Research to Practice
Research to Practice (R2P) transforms knowledge gained in scientific studies into practical solutions. At NYCAMH this means developing methods and tools which can reduce the risk of injury to agricultural populations. NYCAMH's work with migrant farmworkers and their employers provide examples of R2P.
Example of old pages of the manual
The Farmworker Clinicians Manual Website
Migrant Clinicians Manual
Multi-Center Expansion of the NEC Migrant Clinician's Occupational Health Reference Manual 2011
In Collaboration with:
- Migrant Clinicians Network
- Pacific Northwest Agricultural Safety and Health Center
- Southwest Center for Agricultural Health, Injury Prevention and Education
Occupational medical care typically involves an assessment of the patient's job tasks and work environment. A worksite visit and a detailed work history can be particularly challenging with migrant and seasonal farmworker patients, since access to the farm may be difficult, and workers are often fearful of the consequences of being completely forthcoming about their work environment. While a high proportion of adult medical visits pertain to occupational health problems, a minority of physicians and other clinicians have had occupational medical training. Therefore, there is a need both for a training resource, and an easy-to-use reference guide on the work environment in agriculture.
NYCAMH and the Northeast Center have been collecting occupational injury data on migrant and seasonal farmworkers for over fifteen years. In 2005, this data was translated into a clinician's occupational health reference manual for migrant health. This resource has been very well received, and starting in 2011 it was revised and expanded into a website www.farmworkercliniciansmanual.com. This resources contains an expanded geographic area, more commodity and demographic groups, and provides a more technologically advanced website, featuring streaming video clips of the agricultural worksites, and a capacity for two-way communication between clinician users and agricultural health and safety experts.
In addition to expanding the geographic scope and the number of agricultural health and safety experts participating in this resource, we have developed the technology of the website into something that has a higher level of functionality. One of the most appealing tools for clinicians has been the agricultural worksite descriptions, with photos showing workers at their jobs.This assists the clinician in understanding the work environment so that work hazards can be identified and work activities revised to speed recovery. In this next phase of the manual, we have replaced the still photos, with video clips, to give a more complete picture of the work activity.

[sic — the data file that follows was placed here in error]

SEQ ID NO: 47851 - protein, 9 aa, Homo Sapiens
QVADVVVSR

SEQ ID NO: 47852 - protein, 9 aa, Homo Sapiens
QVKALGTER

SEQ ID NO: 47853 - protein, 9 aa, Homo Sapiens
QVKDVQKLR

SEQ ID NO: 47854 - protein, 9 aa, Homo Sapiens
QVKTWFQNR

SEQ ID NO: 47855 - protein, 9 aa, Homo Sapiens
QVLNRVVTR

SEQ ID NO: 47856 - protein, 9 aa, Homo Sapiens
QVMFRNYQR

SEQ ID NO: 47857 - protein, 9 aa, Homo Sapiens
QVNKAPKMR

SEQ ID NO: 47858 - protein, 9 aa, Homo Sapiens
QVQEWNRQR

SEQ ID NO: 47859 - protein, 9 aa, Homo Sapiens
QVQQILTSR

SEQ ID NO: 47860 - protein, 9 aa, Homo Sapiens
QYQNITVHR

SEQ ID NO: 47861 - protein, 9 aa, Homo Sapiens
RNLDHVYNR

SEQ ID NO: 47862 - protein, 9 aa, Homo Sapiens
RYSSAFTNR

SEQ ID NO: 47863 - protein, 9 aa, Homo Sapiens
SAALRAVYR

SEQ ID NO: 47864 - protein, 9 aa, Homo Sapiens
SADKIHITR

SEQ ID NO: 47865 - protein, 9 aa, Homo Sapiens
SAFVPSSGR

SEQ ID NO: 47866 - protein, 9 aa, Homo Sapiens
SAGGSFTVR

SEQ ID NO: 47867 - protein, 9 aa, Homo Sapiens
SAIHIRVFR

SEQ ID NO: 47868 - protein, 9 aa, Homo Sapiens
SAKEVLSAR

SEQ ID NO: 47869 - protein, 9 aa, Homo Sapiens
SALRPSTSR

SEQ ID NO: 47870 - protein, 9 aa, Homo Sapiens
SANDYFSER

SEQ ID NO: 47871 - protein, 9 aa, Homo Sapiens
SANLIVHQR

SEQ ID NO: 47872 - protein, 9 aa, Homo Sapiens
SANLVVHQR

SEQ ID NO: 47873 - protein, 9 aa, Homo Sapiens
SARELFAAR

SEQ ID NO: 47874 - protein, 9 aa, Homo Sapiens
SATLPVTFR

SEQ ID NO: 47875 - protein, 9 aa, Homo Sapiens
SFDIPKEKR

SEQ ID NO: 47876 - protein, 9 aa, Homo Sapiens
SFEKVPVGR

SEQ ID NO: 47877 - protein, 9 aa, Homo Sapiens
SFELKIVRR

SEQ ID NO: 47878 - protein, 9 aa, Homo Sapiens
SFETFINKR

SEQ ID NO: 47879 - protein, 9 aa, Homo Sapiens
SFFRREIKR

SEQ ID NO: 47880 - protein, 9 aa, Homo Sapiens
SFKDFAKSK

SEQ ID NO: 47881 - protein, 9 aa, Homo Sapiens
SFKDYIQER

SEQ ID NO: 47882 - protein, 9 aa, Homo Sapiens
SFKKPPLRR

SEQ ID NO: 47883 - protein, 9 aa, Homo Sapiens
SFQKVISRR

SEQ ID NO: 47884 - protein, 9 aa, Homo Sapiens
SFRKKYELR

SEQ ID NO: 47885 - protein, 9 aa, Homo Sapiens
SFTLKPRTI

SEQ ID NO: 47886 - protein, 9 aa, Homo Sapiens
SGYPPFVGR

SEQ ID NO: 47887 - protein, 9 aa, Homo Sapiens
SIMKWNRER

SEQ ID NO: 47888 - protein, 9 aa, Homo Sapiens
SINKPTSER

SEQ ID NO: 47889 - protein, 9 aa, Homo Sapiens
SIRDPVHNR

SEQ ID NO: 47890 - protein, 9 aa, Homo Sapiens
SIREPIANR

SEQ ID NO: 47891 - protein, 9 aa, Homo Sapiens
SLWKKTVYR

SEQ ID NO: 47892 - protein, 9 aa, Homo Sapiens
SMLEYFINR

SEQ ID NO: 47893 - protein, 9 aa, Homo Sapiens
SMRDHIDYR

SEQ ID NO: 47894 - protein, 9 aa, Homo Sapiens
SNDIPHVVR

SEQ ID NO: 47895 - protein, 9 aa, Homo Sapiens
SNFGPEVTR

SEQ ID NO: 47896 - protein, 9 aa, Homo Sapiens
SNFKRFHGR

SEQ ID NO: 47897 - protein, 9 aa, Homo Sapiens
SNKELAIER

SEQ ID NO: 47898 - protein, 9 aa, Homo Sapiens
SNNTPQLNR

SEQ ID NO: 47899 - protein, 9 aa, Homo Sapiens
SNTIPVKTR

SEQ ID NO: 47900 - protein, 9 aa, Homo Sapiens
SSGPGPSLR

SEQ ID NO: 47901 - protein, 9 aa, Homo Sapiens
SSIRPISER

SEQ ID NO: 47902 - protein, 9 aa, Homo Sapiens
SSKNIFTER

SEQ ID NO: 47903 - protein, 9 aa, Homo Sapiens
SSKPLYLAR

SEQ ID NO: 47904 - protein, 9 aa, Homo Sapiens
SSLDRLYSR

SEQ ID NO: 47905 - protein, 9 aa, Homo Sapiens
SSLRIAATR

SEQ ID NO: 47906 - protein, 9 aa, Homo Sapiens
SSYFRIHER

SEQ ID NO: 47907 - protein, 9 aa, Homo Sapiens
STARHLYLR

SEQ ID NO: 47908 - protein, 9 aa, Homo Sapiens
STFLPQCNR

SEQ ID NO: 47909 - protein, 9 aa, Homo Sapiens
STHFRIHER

The prototype is being testing by the Bruneau family of Middlefield Orchards
Research conducted by Giulia Earle-Richardson, PhD found that back strain was the most common injury among orchard workers. A follow up study concluded that using an ergonomic hip belt in combination with the picking bucket transferred weight from the back to the hips.
NYCAMH is currently testing a new picking bucket prototype. The new system features two detachable, padded bags, suspended from a harness which has both shoulder straps and a hip belt for better weight distribution. Better balance is achieved by dividing the weight on each side, allowing for more comfortable body movements, as well as having the advantage of pre-sorting fruit.
The two bags have a combined capacity of 40lbs and are constructed of rip stop nylon around a steel frame. The bags have half an inch of foam padding to prevent bruising and lever release rope tensioners for gentle emptying.
Surveillance data also identified blueberry harvesting as a source of significant musculoskeletal injury. Working with Maine employers, farmworkers and the Maine Migrant Health Program in a community-based strategy, NEC researchers assisted in the testing of a series of alternative blueberry rake designs. Once the long handle rake was established as the best design, the team worked with a prominent rake producer in Maine to construct handles that could readily be attached to existing rakes. A handle installer was employed for one season by the NEC to visit camps and sell / install handles at half price. A field survey undertaken three years after completion of the project showed that 73% of rakes currently used in Maine blueberry barrens are of the new long handle design.
Safety Products As Fundraisers
Farmers traditionally underuse safety equipment. One reason for this is convenient access to products. Farm organizations, particularly youth oriented groups, consistently have fundraisers. NYCAMH has begun projects whereby farm organizations sell safety equipment and keep a portion of the sales as a fundraiser.
Motor vehicle accidents involving farm equipment are a fast growing cause of injuries to farmers. In response to this NY State strengthened its SMV laws. NYCAMH has started new projects to increase awareness and to sell SMV Emblems to local farmers.